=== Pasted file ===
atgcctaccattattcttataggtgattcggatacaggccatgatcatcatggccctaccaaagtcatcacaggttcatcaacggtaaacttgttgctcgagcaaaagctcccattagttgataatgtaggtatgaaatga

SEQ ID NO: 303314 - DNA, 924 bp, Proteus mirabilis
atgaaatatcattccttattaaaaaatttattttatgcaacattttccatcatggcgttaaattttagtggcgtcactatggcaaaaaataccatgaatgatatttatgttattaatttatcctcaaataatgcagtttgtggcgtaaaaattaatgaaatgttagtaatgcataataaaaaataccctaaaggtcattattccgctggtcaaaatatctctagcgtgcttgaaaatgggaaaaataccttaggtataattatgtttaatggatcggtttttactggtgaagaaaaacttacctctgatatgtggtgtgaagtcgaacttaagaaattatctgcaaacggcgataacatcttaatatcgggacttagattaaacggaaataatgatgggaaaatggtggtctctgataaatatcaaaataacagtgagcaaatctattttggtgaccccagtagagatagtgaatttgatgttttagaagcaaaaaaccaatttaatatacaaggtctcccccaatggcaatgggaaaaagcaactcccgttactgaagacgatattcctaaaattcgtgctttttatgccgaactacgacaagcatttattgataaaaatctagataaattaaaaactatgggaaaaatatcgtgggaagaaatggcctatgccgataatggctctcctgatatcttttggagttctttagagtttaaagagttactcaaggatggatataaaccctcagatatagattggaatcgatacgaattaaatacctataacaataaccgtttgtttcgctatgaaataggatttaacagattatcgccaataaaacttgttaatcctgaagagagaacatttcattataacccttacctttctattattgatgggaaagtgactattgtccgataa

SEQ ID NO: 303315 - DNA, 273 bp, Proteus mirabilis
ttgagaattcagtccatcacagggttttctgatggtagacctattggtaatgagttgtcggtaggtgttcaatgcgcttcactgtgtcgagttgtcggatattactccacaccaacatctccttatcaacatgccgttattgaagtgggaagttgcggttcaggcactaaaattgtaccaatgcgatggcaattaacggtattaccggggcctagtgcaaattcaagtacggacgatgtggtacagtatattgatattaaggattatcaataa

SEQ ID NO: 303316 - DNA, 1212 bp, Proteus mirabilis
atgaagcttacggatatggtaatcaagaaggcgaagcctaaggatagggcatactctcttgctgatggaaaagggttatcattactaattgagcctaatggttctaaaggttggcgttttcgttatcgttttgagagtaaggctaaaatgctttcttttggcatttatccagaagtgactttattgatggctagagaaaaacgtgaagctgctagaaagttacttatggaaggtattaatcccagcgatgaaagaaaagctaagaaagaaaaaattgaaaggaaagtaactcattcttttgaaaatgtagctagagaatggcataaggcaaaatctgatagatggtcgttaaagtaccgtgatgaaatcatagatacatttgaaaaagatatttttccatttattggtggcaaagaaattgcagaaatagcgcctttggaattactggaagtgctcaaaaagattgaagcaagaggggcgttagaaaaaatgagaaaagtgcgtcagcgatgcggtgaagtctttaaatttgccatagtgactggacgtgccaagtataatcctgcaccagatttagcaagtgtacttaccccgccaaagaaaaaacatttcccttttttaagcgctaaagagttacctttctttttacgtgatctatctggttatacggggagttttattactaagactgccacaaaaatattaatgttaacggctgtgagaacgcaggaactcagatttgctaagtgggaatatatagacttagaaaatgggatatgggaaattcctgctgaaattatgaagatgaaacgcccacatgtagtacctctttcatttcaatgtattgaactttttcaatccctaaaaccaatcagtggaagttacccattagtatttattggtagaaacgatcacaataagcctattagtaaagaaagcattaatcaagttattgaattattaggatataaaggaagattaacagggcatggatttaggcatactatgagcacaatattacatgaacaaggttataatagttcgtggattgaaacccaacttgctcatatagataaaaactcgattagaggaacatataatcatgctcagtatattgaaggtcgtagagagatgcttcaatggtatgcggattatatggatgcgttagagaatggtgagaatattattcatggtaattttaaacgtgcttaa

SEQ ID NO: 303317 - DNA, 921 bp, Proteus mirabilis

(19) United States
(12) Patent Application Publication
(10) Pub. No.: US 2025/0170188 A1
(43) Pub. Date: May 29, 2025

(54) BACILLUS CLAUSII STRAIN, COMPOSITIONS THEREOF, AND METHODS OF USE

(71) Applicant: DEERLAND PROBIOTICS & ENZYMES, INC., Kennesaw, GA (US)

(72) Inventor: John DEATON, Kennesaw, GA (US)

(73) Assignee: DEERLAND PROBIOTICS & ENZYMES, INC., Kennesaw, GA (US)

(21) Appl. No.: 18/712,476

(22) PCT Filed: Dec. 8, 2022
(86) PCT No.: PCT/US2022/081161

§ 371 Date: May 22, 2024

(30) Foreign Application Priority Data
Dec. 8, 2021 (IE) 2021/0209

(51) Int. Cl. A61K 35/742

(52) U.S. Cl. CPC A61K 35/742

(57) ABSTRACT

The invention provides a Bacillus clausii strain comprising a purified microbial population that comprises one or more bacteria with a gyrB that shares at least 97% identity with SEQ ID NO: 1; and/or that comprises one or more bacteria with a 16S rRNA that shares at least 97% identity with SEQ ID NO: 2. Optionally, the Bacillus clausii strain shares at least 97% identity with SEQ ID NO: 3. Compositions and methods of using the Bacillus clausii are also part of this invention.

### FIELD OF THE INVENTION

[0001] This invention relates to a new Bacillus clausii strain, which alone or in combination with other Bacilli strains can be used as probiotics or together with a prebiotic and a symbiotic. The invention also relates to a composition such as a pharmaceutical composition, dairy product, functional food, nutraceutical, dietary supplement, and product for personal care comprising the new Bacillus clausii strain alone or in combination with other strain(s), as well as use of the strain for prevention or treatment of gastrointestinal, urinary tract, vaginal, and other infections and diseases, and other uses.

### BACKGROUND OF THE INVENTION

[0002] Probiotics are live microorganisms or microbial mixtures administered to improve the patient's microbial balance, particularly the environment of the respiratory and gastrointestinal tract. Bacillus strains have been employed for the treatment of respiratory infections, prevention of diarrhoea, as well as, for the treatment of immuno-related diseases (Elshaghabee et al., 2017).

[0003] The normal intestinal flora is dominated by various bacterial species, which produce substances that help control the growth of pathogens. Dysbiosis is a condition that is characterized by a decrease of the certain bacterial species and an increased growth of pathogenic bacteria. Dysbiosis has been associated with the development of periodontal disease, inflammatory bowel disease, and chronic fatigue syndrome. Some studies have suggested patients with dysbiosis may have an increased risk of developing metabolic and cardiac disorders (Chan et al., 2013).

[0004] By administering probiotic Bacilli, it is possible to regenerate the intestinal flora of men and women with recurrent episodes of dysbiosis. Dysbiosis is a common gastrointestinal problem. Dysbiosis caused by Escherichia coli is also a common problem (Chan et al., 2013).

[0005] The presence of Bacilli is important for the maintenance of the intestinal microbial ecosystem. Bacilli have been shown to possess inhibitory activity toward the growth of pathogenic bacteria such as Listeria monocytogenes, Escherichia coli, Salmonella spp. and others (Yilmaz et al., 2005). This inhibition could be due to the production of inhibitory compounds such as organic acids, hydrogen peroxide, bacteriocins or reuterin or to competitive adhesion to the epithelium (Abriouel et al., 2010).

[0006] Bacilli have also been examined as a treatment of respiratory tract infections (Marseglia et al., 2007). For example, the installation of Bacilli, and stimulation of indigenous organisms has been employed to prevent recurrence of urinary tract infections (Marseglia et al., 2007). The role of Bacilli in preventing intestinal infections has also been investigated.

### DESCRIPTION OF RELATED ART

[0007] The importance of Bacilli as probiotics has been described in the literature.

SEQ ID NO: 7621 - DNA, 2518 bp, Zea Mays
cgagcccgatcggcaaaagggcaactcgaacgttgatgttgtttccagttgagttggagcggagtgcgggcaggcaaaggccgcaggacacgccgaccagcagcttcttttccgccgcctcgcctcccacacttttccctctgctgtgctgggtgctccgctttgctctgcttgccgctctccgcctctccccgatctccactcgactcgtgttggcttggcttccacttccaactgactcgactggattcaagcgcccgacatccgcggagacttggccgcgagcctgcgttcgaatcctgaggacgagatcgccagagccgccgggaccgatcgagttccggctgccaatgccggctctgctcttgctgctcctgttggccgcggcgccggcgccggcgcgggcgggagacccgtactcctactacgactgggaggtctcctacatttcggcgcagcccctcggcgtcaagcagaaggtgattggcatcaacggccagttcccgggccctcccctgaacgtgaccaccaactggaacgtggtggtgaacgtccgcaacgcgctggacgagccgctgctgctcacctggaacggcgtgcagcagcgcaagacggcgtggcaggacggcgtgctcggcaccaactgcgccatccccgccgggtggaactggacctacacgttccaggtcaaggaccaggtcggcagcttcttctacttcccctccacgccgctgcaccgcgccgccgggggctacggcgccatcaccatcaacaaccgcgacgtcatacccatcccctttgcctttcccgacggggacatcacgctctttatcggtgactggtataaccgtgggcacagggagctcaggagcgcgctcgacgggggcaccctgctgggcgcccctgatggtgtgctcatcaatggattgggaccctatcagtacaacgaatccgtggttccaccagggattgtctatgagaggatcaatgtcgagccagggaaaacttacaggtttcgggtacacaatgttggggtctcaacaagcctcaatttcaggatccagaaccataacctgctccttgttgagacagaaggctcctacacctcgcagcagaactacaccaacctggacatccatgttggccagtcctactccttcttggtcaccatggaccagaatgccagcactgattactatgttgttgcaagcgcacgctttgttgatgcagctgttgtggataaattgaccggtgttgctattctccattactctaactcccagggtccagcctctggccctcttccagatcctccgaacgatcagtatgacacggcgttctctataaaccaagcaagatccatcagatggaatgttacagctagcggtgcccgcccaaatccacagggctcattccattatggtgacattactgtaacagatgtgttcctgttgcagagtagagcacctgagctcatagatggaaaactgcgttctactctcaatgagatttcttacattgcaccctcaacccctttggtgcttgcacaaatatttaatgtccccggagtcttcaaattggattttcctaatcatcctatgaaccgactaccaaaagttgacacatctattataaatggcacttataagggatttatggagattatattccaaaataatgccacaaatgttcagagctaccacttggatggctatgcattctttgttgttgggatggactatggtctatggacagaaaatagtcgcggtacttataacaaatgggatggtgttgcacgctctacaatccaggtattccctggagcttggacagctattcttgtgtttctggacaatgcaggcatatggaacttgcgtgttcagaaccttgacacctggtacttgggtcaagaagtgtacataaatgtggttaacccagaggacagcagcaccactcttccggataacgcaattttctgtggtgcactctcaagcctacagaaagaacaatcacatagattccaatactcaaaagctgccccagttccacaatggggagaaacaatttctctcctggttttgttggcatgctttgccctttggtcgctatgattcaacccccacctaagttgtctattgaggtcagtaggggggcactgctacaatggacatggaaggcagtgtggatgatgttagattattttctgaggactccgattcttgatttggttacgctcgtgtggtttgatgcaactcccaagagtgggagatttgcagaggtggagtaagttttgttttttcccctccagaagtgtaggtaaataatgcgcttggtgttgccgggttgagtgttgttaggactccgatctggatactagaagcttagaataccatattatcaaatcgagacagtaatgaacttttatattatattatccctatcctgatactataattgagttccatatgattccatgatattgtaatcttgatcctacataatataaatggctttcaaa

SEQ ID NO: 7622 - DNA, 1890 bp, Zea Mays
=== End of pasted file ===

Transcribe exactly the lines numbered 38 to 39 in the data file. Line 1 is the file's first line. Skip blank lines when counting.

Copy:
cgagcccgatcggcaaaagggcaactcgaacgttgatgttgtttccagttgagttggagcggagtgcgggcaggcaaaggccgcaggacacgccgaccagcagcttcttttccgccgcctcgcctcccacacttttccctctgctgtgctgggtgctccgctttgctctgcttgccgctctccgcctctccccgatctccactcgactcgtgttggcttggcttccacttccaactgactcgactggattcaagcgcccgacatccgcggagacttggccgcgagcctgcgttcgaatcctgaggacgagatcgccagagccgccgggaccgatcgagttccggctgccaatgccggctctgctcttgctgctcctgttggccgcggcgccggcgccggcgcgggcgggagacccgtactcctactacgactgggaggtctcctacatttcggcgcagcccctcggcgtcaagcagaaggtgattggcatcaacggccagttcccgggccctcccctgaacgtgaccaccaactggaacgtggtggtgaacgtccgcaacgcgctggacgagccgctgctgctcacctggaacggcgtgcagcagcgcaagacggcgtggcaggacggcgtgctcggcaccaactgcgccatccccgccgggtggaactggacctacacgttccaggtcaaggaccaggtcggcagcttcttctacttcccctccacgccgctgcaccgcgccgccgggggctacggcgccatcaccatcaacaaccgcgacgtcatacccatcccctttgcctttcccgacggggacatcacgctctttatcggtgactggtataaccgtgggcacagggagctcaggagcgcgctcgacgggggcaccctgctgggcgcccctgatggtgtgctcatcaatggattgggaccctatcagtacaacgaatccgtggttccaccagggattgtctatgagaggatcaatgtcgagccagggaaaacttacaggtttcgggtacacaatgttggggtctcaacaagcctcaatttcaggatccagaaccataacctgctccttgttgagacagaaggctcctacacctcgcagcagaactacaccaacctggacatccatgttggccagtcctactccttcttggtcaccatggaccagaatgccagcactgattactatgttgttgcaagcgcacgctttgttgatgcagctgttgtggataaattgaccggtgttgctattctccattactctaactcccagggtccagcctctggccctcttccagatcctccgaacgatcagtatgacacggcgttctctataaaccaagcaagatccatcagatggaatgttacagctagcggtgcccgcccaaatccacagggctcattccattatggtgacattactgtaacagatgtgttcctgttgcagagtagagcacctgagctcatagatggaaaactgcgttctactctcaatgagatttcttacattgcaccctcaacccctttggtgcttgcacaaatatttaatgtccccggagtcttcaaattggattttcctaatcatcctatgaaccgactaccaaaagttgacacatctattataaatggcacttataagggatttatggagattatattccaaaataatgccacaaatgttcagagctaccacttggatggctatgcattctttgttgttgggatggactatggtctatggacagaaaatagtcgcggtacttataacaaatgggatggtgttgcacgctctacaatccaggtattccctggagcttggacagctattcttgtgtttctggacaatgcaggcatatggaacttgcgtgttcagaaccttgacacctggtacttgggtcaagaagtgtacataaatgtggttaacccagaggacagcagcaccactcttccggataacgcaattttctgtggtgcactctcaagcctacagaaagaacaatcacatagattccaatactcaaaagctgccccagttccacaatggggagaaacaatttctctcctggttttgttggcatgctttgccctttggtcgctatgattcaacccccacctaagttgtctattgaggtcagtaggggggcactgctacaatggacatggaaggcagtgtggatgatgttagattattttctgaggactccgattcttgatttggttacgctcgtgtggtttgatgcaactcccaagagtgggagatttgcagaggtggagtaagttttgttttttcccctccagaagtgtaggtaaataatgcgcttggtgttgccgggttgagtgttgttaggactccgatctggatactagaagcttagaataccatattatcaaatcgagacagtaatgaacttttatattatattatccctatcctgatactataattgagttccatatgattccatgatattgtaatcttgatcctacataatataaatggctttcaaa

SEQ ID NO: 7622 - DNA, 1890 bp, Zea Mays